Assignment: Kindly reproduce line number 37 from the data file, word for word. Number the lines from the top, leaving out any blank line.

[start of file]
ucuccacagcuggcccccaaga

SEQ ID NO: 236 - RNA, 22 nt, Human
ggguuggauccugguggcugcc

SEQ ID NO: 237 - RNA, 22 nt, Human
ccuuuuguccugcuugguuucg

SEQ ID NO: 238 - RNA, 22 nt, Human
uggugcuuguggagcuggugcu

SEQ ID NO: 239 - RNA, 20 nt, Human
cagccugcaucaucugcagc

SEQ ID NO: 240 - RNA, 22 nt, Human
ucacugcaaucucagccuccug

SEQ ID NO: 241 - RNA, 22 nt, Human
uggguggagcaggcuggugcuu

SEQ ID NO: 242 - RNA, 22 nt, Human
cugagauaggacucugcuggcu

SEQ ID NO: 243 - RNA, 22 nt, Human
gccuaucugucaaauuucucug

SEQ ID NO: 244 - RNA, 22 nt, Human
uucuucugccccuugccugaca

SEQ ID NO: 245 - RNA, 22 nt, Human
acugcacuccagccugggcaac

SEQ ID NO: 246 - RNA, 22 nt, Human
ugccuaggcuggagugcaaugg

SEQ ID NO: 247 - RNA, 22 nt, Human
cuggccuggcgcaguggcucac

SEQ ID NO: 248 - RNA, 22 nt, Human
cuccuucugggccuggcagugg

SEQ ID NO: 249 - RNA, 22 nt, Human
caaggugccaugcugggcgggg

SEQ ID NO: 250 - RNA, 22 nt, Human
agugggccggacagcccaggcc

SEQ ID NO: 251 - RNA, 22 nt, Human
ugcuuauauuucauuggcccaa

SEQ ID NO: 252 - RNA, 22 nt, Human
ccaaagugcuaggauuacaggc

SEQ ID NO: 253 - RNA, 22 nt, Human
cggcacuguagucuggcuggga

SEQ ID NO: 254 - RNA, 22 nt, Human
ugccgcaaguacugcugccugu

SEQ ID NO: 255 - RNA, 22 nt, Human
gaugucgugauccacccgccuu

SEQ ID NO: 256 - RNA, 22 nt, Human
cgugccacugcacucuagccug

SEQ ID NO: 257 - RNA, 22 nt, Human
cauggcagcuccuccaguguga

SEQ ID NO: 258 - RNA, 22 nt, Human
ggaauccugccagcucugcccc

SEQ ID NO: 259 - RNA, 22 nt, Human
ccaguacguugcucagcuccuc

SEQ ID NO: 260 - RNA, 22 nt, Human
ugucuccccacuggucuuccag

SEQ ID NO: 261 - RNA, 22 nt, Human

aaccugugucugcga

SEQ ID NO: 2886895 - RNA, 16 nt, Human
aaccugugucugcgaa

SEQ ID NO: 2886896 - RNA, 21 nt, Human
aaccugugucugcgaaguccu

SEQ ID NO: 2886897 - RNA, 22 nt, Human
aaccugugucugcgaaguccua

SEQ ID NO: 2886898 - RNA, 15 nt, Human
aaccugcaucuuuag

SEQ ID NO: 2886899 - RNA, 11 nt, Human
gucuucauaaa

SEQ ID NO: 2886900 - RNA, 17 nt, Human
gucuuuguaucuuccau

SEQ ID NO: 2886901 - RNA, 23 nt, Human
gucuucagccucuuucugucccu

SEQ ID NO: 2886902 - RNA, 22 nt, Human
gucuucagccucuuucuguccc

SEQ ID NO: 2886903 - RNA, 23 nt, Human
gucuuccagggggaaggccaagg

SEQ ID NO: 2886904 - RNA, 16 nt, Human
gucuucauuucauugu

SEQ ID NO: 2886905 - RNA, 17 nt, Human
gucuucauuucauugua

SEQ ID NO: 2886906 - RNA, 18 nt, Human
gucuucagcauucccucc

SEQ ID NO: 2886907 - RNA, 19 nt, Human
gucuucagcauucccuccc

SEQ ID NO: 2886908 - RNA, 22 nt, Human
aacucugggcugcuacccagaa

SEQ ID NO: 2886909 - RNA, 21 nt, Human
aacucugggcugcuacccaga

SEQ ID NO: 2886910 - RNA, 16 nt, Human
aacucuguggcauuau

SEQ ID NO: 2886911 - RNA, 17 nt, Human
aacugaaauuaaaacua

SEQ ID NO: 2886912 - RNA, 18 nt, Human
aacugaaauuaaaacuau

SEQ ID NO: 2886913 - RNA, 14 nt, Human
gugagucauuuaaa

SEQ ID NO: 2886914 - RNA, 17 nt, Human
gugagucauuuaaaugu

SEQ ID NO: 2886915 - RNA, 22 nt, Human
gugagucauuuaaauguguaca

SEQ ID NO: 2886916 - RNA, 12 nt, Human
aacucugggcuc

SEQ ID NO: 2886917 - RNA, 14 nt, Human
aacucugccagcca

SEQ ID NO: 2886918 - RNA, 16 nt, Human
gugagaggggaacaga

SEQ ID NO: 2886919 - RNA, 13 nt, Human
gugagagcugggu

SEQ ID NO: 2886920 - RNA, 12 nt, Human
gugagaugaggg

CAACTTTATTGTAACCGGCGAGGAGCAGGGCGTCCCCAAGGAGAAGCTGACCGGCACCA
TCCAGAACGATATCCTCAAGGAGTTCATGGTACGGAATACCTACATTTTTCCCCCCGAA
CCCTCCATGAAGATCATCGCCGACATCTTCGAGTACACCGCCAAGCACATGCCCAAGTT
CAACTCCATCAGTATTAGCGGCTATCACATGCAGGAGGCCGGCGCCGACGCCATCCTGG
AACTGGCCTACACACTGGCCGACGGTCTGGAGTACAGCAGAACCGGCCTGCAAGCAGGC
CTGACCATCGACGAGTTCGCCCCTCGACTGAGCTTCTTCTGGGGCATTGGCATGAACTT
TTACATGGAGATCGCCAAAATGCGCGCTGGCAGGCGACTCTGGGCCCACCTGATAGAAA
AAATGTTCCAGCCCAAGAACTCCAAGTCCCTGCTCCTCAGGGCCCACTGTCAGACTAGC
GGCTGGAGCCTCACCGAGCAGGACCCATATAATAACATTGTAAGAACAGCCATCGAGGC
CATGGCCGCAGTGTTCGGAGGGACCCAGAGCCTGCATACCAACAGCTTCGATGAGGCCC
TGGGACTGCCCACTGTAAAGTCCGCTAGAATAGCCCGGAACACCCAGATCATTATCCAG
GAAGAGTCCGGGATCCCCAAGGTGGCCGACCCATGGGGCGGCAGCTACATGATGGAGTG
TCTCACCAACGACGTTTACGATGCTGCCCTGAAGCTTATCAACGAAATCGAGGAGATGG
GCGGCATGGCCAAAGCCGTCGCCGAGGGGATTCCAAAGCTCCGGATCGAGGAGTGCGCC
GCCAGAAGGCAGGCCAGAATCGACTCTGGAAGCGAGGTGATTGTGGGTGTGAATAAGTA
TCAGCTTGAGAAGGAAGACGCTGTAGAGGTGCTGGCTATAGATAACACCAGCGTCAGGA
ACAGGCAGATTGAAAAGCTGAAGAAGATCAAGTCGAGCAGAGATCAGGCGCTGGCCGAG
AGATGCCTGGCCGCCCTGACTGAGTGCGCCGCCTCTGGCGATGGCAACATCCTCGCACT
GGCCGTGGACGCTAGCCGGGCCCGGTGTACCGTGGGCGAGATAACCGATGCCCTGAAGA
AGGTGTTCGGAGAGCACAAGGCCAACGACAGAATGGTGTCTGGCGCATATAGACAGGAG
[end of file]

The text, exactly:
cggcacuguagucuggcuggga